Union for Reform Judaism Member Congregation

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purim-dress-ball

Academy of Music Purim Association, Fancy Dress Ball, March 15, 1881. New York: Mayer, Merkel, & Ottman Lithograph, 1881. Color lithograph. Courtesy of the American Jewish Historical Society and Newton Centre, Massachusetts (206)

We were horrified this morning as we awoke to the news that two blasts had rocked the Belgian capital of Brussels. With dozens of people dead and wounded, we grieve with the Belgian people, with all those visiting who were victimized, and with their families. Only four months after the deadly attacks in Paris, the citizens of the region are still reeling from pillar to post. The sophistication of both these European capitals stands in stark contrast to the wanton violence that has been inflicted upon them. Unfortunately, we in New York are well acquainted with this contrast. So are the people of Israel and throughout the Middle East. So are the people of San Bernadino, and Washington, and cities throughout the world. We have seen the underbelly of human capacity; the potential for evil that exists within human beings.

This Wednesday night and Thursday we in the Jewish community will celebrate one of the most joyous festivals of our year, the Festival of Purim. It is a time of costumes and shpiels, silliness and laughter, eating and drinking – drinking, in fact, to excess (as long as we don’t have to drive!). We should revel in this cathartic release of tension that is, in so many ways, a gift from the architects of Jewish tradition.

This being said, we do acknowledge, however, that our celebration of Purim is in large measure a denial of the very text around which the festival is built – Megillat Ester, the Scroll of Esther. Known popularly as “The Megillah,” the story is in many ways a completely ridiculous fantasy, filled with palace intrigue, absurd stereotypes, and linguistic acrobatics that are designed to tie our tongues. But it is also the story of a cruel Persian governor who hatched a plan to annihilate the Jewish people en masse. And in turn, it is the story of the Jews’ turning the tables, and hanging him on the very gallows he had built for Mordecai the Jew. The Megillah is filled with violence and hatred, men who treat women like chattel, women who use sex to manipulate men, and murderous impulses within all of us.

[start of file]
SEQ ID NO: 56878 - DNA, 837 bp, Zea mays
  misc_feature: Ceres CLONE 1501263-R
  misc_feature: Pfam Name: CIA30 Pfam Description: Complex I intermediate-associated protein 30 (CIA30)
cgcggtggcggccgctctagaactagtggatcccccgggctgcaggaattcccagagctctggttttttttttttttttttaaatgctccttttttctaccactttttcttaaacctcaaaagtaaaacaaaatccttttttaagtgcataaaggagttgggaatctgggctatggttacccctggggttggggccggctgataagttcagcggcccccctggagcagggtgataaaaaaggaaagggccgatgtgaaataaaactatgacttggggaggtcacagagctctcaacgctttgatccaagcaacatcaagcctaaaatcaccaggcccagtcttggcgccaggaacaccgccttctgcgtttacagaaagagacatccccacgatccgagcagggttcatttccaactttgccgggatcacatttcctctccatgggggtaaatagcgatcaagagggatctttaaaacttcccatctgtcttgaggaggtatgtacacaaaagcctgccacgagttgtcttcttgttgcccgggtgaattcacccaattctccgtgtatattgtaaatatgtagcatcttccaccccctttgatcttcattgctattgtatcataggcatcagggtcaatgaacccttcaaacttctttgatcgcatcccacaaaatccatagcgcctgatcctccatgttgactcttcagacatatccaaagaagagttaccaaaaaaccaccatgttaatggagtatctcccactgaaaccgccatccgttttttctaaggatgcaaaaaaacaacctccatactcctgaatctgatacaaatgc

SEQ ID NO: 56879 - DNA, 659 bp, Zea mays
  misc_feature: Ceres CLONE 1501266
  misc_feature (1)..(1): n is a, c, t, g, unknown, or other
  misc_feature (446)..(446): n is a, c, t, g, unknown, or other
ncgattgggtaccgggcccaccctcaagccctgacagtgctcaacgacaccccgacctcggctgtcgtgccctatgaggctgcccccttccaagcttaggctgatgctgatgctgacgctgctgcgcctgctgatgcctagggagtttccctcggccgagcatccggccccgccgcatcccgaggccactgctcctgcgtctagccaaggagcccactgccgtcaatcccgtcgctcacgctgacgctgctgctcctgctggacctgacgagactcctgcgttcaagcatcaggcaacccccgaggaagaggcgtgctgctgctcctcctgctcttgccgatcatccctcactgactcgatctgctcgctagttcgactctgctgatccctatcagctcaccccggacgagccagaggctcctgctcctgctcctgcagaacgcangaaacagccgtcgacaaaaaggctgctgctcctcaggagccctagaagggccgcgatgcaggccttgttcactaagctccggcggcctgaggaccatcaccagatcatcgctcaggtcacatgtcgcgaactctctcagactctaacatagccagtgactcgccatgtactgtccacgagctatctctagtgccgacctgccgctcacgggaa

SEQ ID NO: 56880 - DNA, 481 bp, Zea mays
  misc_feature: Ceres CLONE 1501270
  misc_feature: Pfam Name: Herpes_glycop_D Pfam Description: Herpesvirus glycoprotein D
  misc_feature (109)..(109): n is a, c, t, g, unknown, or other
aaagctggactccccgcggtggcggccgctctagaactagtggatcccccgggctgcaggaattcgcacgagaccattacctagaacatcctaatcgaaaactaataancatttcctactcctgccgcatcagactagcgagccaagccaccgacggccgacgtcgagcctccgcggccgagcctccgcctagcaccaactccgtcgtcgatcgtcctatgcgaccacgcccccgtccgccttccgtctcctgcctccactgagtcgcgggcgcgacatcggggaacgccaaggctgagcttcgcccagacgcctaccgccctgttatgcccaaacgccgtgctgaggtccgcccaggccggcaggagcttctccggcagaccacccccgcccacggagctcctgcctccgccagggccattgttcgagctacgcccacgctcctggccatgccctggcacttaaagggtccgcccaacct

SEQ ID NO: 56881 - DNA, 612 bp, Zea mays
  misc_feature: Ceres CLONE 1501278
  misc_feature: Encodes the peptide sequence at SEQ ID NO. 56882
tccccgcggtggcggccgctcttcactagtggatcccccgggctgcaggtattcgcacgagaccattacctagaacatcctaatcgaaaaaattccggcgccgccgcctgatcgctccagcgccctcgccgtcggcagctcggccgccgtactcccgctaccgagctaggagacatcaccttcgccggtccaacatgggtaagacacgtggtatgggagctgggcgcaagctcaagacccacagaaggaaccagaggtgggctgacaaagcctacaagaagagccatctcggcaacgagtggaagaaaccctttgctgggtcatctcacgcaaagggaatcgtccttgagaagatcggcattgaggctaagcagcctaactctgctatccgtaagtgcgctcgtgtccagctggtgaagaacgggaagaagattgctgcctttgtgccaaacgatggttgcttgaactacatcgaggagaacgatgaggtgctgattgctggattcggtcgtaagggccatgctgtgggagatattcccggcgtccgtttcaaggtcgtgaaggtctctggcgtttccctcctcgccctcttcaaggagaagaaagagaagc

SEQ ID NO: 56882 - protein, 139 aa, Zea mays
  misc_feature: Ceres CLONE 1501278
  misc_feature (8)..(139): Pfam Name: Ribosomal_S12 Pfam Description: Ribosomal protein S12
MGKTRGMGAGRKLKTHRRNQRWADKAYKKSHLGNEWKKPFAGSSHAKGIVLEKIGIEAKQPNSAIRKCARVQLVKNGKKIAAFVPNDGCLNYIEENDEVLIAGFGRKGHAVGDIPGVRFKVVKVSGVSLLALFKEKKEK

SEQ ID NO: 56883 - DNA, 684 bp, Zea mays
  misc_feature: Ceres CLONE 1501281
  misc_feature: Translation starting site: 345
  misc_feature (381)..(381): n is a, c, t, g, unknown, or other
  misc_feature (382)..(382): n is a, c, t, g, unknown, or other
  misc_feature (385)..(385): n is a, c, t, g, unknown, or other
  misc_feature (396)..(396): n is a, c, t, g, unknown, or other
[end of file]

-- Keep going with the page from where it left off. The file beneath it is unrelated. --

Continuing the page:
There have been all too many times, even in recent history, in which the themes of Purim have been played out in real life. Hitler, for instance, banned the Jews from observing Purim. On November 10, 1938, the Nazi journalist Julius Streicher claimed in a speech that just as “the Jew butchered 75,000 Persians” in one night, the same fate would have befallen the German people as the Jews would have instituted a new Purim festival in Germany. Numerous additional massacres were carried out throughout Poland and Germany during the following years by the Nazis on the day of Purim.

More recently, the Dizengoff Center Suicide Bombing in Tel Aviv took place on the eve of Purim (March 4, 1996), killing 13 people.

And sadly, there have been those within our own community who have used this festival as an excuse to unleash the demons within themselves. Witness the massacre perpetrated by Baruch Goldstein, a Jew originally from Brooklyn, in the Cave of the Patriarchs in Hevron in 1994, upon a mosque filled with men at prayer. He killed 29 souls and wounded 125.

As we all understand, this is never what Purim was meant to be. Purim is meant as a catharsis for us; to yell, and scream, and laugh, and make noise, so that we release the tensions that surround us, both individually and communally. Purim is not a festival that calls us to violence. It is meant as a vehicle through which we can sublimate our frustrations. Haman is the villain of the Megillah. So what does our tradition teach us to do? Eat triangle-shaped pastries filled with jam, in memory of the hat he wore. Blow horns and swing groggers. Go nuts, and enjoy it for a few hours.

And above all, we dare not forget the ethical values of Jewish tradition: kindness, respect, charity, and the pursuit of peace. Remember that after all the goings-on in the Megillah, at the very end we are urged to bring gifts of food to the needy. That is what Judaism teaches, and that is why we celebrate Purim.

And so, even in the midst of such overwhelming sadness and global tension, I encourage us all to celebrate this festival with joy, even as we remember the abiding values of our faith. And I wish one and all a Chag Sameach and a Freiliche Purim.